Input invited!
Thanks.
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Out of Production Hardware / Loss of X / Y gain on ProTrack CRT trace.
« Last post by jvthorsley on April 27, 2018, 04:14:11 pm »
For sometime had an intermittent problem with the horizontal & vertical gain on my ProTrack CRT trace.
Sometimes just had a bright spot in the centre of the CRT.
Identified the problem as bad contact between the pins on the high voltage module, Part No.2A12-N4-T0B6Z1.
Removed the socket the pins go into and soldered the module directly onto the PSU board.
Problem solved.
As can be seen and previously described on this Forum I have replaced other components on this PSU to keep it going!
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General Discussion / Re: What can and can't the Huntron do?
« Last post by admin on April 03, 2018, 10:41:49 am »
Welcome to the Huntron Users Support Forum, CoraDias!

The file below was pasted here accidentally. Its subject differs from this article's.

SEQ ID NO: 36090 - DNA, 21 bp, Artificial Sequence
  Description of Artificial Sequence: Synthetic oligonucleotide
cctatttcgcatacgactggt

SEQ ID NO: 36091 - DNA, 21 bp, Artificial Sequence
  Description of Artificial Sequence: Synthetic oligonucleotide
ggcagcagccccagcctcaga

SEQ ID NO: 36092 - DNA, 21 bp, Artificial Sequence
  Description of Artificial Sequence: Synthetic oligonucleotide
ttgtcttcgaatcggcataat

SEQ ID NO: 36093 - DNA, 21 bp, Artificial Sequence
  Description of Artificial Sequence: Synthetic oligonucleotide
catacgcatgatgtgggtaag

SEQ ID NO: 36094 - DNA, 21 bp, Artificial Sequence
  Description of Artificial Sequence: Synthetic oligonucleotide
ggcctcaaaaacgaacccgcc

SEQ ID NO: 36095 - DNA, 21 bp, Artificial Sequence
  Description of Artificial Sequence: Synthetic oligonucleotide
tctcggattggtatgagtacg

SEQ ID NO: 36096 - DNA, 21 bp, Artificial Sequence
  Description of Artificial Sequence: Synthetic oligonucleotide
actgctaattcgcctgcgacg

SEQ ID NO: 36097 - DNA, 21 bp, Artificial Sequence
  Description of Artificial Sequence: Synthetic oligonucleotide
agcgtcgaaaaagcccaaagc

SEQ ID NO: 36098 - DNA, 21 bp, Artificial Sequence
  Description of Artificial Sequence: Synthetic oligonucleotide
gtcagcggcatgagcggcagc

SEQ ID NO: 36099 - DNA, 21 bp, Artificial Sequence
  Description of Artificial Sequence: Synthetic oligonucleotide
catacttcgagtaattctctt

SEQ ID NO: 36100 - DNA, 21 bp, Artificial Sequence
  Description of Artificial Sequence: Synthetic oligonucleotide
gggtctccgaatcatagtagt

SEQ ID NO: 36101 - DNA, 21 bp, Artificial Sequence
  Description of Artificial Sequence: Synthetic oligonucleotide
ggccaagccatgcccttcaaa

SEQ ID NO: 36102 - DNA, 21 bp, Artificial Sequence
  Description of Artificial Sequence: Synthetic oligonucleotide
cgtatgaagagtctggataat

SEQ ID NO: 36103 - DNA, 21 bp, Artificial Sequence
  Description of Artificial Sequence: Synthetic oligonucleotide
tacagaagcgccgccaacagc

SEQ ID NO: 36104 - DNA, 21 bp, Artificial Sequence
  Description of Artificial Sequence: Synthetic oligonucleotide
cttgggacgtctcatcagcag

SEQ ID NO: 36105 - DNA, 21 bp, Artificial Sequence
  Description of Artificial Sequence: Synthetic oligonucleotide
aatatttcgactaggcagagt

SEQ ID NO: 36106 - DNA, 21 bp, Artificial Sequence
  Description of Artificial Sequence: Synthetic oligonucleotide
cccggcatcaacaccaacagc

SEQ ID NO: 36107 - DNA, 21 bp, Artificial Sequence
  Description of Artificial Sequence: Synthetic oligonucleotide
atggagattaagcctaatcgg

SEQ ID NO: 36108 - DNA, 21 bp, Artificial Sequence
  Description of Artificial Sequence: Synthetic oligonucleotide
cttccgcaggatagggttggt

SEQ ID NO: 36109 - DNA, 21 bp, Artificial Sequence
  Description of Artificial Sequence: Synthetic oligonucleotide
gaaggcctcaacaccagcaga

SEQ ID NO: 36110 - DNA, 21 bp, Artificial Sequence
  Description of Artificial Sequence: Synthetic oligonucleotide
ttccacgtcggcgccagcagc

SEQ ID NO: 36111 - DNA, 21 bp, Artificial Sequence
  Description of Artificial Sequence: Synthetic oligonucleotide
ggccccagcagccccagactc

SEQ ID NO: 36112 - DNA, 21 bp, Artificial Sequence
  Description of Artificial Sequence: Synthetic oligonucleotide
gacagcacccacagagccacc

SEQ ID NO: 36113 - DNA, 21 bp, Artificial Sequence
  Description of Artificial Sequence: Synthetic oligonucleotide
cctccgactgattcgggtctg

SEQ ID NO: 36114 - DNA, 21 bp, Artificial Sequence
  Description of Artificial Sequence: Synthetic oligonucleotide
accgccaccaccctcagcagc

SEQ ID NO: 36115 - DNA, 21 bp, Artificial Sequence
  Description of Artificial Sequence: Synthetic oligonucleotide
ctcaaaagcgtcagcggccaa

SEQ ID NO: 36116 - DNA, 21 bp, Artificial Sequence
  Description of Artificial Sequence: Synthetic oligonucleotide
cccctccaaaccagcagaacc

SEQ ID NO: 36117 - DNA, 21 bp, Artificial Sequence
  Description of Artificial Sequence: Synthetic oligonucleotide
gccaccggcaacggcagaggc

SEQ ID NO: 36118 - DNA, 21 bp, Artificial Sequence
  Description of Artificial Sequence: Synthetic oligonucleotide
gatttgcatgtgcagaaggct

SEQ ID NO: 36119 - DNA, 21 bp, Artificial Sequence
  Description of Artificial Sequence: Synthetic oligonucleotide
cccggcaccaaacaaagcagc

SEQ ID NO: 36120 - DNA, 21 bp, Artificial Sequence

I agree that more complex ICs can fail in a way that you will not see the effect of that failure at the pins. It would like trying to troubleshoot a complex circuit board from the connectors only. The good news (if you want to call it "good") is that core failures of complex ICs are fairly rare since these problems are mostly caused by process issues during manufacture. These ICs will almost always fail the first time they are powered up.
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General Discussion / Re: What can and can't the Huntron do?
« Last post by CoraDias on April 03, 2018, 08:56:28 am »
Hi...i am a new user here. As per my knowledge it is possible that an electrical failure can occur deep inside a more complex IC and therefore be masked at the pin level where you have test access.There is not a list of what can and cannot be tested because a Tracker is a general purpose tester. It is used by people on the majority of existing electronic components.

smt circuit board assembly